In 1935, the United States Supreme Court recognized Prophet Muhammed (peace upon him) as one of the greatest lawgivers of all time.  The laws and ethical system that he organized 1400 years ago brought an ignorant, pagan nation from the mire of darkness into a renaissance of spiritual and community values.  As a politician, he negotiated treaties guaranteeing freedom of religion, self-governance, legal autonomy, and unity among all people.  He established ethics of war, which was to be used only in cases of self-defense.  He advocated for animal rights, declaring that food animals be raised in natural and humane conditions and that animals not be killed for vain reasons (ie, fur rugs).  In respect to moral behavior, he stressed the importance of personal cleanliness, preservation and protection of natural environments, and righteous conduct.  He taught to maintain good relationships, prohibited bigotry and racism, and emphasized kindness and hospitality and charity.  He gave rules for marriage, reconciliation in strained relationships, divorce, and writing wills for inheritance.  He stressed the value of every human being regardless of race, financial status, or religion.  Prophet Muhammed (peace upon him) advocated for peace and justice.  Islam in America should have such an effect on American society that Muslims take the lead in pointing America back to the ideals that are truly American –the ideals that Prophet Muhammed established 1400 years ago.

“May people among you invite [others] to goodness.  May they endorse what is right and forbid what is wrong.  They will be successful” (Surah 3: 104).  It is up to us to be such valuable witnesses for righteousness that other Americans will feel the pull of Islam’s call to arise together to endorse what all religions know to be right and to forbid what is known to be wrong.  Every religion of light has a commandment for peace with their neighbors.  For examples:  “Do unto others as you would have them do unto you” (Christianity).  “Treat others as you would yourself be treated” (Hinduism).  “Do unto all men as you would wish to have done unto you” (Islam).  “What you yourself hate, do to no man” (Judaism).  “Live in harmony, for we are all related” (Native American Indian).  As the prophets before him (peace upon them all), Prophet Muhammed advocated for this consonant call for goodness and kindness:  “None of you will have faith until he wishes for his brother what he wishes for himself.”  He also said, “Kindness is a mark of faith, and whoever is not kind has no faith.”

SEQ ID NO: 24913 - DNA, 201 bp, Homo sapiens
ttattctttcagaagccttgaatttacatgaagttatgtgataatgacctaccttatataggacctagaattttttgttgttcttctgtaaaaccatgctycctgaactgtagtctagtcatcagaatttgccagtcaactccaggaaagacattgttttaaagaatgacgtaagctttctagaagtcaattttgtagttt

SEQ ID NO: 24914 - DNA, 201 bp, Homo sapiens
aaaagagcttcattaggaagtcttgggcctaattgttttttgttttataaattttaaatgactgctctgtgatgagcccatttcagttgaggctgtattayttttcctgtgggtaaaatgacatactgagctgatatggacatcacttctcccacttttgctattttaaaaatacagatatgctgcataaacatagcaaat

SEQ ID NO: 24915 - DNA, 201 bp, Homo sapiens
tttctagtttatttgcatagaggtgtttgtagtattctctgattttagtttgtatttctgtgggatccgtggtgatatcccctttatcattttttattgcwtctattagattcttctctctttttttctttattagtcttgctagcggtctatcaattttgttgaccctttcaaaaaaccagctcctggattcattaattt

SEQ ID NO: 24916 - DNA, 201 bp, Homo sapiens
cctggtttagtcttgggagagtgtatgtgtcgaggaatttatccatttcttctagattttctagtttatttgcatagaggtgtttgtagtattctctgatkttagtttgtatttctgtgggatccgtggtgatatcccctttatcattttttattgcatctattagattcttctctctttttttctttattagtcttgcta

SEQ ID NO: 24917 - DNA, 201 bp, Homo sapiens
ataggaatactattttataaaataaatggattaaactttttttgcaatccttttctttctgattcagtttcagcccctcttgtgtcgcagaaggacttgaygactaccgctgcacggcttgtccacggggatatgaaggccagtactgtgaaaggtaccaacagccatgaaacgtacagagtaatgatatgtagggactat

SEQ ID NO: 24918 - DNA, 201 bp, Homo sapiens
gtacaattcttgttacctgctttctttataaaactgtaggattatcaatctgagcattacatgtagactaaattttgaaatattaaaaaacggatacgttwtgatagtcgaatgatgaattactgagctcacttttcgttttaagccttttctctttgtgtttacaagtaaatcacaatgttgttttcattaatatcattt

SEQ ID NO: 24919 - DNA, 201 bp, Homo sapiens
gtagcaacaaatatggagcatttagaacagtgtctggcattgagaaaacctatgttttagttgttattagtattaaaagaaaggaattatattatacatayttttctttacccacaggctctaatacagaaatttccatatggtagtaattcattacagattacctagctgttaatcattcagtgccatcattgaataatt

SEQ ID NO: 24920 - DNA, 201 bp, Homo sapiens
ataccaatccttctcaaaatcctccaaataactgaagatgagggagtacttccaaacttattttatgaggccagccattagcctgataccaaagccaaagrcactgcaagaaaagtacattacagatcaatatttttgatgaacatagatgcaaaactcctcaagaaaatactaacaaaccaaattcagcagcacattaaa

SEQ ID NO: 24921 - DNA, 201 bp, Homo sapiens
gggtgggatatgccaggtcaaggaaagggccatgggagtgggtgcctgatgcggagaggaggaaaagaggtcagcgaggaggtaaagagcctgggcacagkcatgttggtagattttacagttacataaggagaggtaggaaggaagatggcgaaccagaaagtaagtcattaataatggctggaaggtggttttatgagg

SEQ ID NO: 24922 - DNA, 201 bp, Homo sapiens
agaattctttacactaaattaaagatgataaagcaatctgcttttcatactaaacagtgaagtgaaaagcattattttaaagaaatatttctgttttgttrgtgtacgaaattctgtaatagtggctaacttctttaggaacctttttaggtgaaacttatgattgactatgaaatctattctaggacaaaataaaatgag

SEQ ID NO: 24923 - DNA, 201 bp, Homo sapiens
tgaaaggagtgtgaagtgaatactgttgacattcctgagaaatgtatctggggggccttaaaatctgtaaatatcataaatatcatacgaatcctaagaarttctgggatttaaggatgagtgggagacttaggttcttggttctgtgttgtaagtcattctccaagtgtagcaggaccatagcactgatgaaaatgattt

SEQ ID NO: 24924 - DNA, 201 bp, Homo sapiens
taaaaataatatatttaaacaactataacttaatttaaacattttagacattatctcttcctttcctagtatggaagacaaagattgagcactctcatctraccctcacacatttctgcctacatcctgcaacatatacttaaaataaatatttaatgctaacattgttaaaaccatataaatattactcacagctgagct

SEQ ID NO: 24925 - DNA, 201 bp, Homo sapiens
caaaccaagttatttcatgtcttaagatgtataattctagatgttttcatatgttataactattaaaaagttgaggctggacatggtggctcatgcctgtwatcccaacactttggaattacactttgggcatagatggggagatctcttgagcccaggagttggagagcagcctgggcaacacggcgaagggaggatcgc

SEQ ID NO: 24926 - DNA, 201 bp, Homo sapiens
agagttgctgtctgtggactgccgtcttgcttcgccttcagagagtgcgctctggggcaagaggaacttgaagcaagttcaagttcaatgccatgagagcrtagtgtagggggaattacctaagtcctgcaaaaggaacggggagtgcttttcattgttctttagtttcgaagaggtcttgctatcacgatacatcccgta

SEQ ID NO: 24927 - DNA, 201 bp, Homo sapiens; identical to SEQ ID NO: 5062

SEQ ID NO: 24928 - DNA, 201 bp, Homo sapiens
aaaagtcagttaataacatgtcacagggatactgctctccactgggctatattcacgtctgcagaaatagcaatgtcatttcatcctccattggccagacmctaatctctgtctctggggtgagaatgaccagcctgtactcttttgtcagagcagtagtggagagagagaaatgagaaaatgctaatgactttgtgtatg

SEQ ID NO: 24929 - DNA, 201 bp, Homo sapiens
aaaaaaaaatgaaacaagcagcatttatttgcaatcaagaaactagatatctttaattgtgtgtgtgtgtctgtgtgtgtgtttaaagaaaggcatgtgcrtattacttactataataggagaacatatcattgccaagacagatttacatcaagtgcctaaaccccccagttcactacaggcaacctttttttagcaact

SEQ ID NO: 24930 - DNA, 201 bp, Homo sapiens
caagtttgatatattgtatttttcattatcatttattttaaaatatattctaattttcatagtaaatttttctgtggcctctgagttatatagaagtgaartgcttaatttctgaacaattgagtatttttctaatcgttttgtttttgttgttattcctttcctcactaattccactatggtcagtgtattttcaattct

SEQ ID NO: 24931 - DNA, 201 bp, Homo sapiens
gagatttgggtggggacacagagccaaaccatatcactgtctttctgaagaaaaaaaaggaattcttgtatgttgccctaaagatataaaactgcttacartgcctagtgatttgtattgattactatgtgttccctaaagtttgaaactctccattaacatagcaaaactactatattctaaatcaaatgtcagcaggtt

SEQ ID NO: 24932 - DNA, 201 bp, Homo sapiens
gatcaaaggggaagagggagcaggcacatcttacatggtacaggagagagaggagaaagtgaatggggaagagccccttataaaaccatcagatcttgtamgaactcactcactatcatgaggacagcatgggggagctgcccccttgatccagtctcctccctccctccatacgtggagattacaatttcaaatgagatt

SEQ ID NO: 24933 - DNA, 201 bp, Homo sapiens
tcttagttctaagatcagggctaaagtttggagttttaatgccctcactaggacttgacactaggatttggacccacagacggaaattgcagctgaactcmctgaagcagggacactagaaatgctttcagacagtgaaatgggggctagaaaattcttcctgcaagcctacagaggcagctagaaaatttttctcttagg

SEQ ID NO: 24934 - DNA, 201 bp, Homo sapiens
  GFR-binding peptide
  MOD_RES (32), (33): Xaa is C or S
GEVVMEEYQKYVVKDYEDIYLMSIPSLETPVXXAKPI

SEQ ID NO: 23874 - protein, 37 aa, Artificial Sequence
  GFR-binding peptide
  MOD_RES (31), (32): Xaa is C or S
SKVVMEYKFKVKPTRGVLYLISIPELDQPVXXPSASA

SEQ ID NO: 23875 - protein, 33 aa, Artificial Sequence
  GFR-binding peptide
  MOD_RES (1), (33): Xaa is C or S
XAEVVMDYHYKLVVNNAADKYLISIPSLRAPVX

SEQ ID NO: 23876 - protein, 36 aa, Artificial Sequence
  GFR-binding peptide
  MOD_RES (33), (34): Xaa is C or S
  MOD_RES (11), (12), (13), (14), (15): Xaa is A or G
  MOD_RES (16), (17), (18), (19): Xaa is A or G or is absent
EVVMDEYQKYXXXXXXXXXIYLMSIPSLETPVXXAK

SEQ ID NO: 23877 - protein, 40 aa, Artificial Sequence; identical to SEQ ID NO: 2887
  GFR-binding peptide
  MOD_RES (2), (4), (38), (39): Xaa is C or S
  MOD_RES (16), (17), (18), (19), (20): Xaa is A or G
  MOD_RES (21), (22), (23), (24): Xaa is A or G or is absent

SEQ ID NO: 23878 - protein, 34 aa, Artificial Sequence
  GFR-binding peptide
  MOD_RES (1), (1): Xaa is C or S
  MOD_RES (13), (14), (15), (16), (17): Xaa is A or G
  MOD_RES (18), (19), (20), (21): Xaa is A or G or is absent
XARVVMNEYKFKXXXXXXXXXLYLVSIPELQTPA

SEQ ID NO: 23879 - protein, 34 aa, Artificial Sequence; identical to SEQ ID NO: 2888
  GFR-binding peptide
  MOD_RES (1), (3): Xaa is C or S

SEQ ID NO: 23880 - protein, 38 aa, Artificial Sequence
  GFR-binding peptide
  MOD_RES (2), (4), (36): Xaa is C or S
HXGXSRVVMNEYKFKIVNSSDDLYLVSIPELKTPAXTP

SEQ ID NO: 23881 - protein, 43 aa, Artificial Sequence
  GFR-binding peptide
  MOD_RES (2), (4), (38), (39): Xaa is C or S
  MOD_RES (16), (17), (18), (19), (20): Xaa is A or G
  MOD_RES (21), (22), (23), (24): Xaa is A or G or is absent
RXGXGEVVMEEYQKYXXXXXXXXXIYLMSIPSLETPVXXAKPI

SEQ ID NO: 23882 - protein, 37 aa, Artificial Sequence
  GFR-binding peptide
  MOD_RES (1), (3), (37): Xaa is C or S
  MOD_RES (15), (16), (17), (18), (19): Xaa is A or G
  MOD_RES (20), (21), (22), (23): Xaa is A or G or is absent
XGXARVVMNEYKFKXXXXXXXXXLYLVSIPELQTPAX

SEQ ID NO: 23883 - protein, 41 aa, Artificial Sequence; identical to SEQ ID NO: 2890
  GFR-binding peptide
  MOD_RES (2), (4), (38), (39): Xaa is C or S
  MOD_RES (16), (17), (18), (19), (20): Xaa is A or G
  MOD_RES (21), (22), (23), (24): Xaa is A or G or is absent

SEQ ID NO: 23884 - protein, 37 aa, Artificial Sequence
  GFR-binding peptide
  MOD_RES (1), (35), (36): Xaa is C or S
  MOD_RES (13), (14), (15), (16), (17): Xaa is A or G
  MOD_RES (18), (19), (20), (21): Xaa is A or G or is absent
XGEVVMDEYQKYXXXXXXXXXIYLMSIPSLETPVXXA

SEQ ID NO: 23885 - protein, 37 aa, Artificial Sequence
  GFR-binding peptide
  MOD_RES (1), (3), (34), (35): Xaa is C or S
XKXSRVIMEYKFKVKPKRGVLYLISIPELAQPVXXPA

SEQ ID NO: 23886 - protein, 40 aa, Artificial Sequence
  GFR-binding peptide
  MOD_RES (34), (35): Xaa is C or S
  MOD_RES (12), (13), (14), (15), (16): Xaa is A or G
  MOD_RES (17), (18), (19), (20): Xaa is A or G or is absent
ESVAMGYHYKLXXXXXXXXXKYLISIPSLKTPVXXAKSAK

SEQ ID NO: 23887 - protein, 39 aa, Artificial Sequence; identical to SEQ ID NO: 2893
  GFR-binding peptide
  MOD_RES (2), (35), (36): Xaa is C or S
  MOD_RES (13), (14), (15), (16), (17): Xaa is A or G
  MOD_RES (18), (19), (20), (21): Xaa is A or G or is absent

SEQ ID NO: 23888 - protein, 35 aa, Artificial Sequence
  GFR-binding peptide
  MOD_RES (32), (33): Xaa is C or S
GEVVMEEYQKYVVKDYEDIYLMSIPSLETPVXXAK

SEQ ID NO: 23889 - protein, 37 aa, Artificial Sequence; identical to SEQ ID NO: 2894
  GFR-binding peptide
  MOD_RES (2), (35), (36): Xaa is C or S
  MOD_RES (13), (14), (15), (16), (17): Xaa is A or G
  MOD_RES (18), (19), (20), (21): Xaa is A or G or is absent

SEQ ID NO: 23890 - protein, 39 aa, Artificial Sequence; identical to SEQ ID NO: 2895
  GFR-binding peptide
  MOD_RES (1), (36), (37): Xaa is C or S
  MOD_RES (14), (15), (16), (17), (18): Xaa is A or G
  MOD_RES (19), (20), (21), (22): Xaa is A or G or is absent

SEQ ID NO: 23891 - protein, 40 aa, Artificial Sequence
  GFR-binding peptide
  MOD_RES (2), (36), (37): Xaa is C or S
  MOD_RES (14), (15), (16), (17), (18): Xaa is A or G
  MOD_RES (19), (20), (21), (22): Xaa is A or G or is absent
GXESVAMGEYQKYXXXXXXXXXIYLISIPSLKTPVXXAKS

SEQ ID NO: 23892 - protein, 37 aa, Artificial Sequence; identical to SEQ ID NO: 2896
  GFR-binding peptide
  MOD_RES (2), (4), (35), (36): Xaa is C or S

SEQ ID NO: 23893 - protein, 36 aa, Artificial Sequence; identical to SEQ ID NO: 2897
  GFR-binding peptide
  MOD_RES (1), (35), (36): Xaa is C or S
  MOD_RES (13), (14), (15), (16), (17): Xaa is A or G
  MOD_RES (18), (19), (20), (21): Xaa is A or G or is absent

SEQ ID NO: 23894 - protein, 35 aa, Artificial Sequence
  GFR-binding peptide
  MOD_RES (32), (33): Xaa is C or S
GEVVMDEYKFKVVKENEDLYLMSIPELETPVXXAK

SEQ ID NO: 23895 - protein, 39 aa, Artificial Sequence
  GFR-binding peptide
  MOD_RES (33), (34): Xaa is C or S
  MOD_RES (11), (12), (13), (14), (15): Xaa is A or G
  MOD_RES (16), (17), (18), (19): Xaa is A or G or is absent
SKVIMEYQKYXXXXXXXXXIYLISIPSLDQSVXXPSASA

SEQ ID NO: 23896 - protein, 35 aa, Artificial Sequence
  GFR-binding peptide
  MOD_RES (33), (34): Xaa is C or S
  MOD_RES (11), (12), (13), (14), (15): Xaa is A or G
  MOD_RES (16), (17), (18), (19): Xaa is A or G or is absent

At this time, when there is so much division, crime, and corruption in America, we need Islam in America to help point people of all religions and of no religion back to the ideals that make us human beings created in the spiritual image of God.  Humanity was created in God’s spiritual image in that we have been endowed with a spark of His wisdom and the free will to use or abuse that wisdom.  The Qur’an confirms that in His making us uniquely apart from all other creation, God “breathed” into us “something of His own Spirit” (Surah 32: 9) and that He made us to represent Him on earth.  We reflect the Divine Intelligence through our own advancements in science, mathematics, medicine, historical research, art, and literary works.  When we live holy lives, we reflect the reality and perfection of God through our deeds of love, charity, and goodwill.

Islamic values are consistent and compatible with the ideal for American values because this ideal is influenced by the consonant values of all religions of light.  Islam in America has the ability to unite Americans and help them build an America where the value of each person is realized regardless of race, religion, and national origin.  The Qur’an strives to bring people together in a spirit of harmony and respect for others:  “O Humanity, We created you from one male and one female and made you into nations and tribes so that you may get to know one another.  Truly the most honorable among you in the sight of Allah is the most righteous of you.  Allah has full knowledge and is well aware” (Surah 49: 13).  “Among His signs are the creation of the skies and Earth and the variations in your languages and your colors.  Truly, in these are signs for those of knowledge” (Surah 30: 22).

Islam recognizes that the differences among humans are God-given attributes to be respected and appreciated and were never intended to divide us and cause hate, bigotry, and resentment.  May our Islamic values point America back to its own values as people learn to unite in love, harmony, peace, kindness, and friendship.

Linda “iLham” Barto is an author and illustrator in Maiden, North Carolina. Her books are available from www.Lit-by-Linda.com.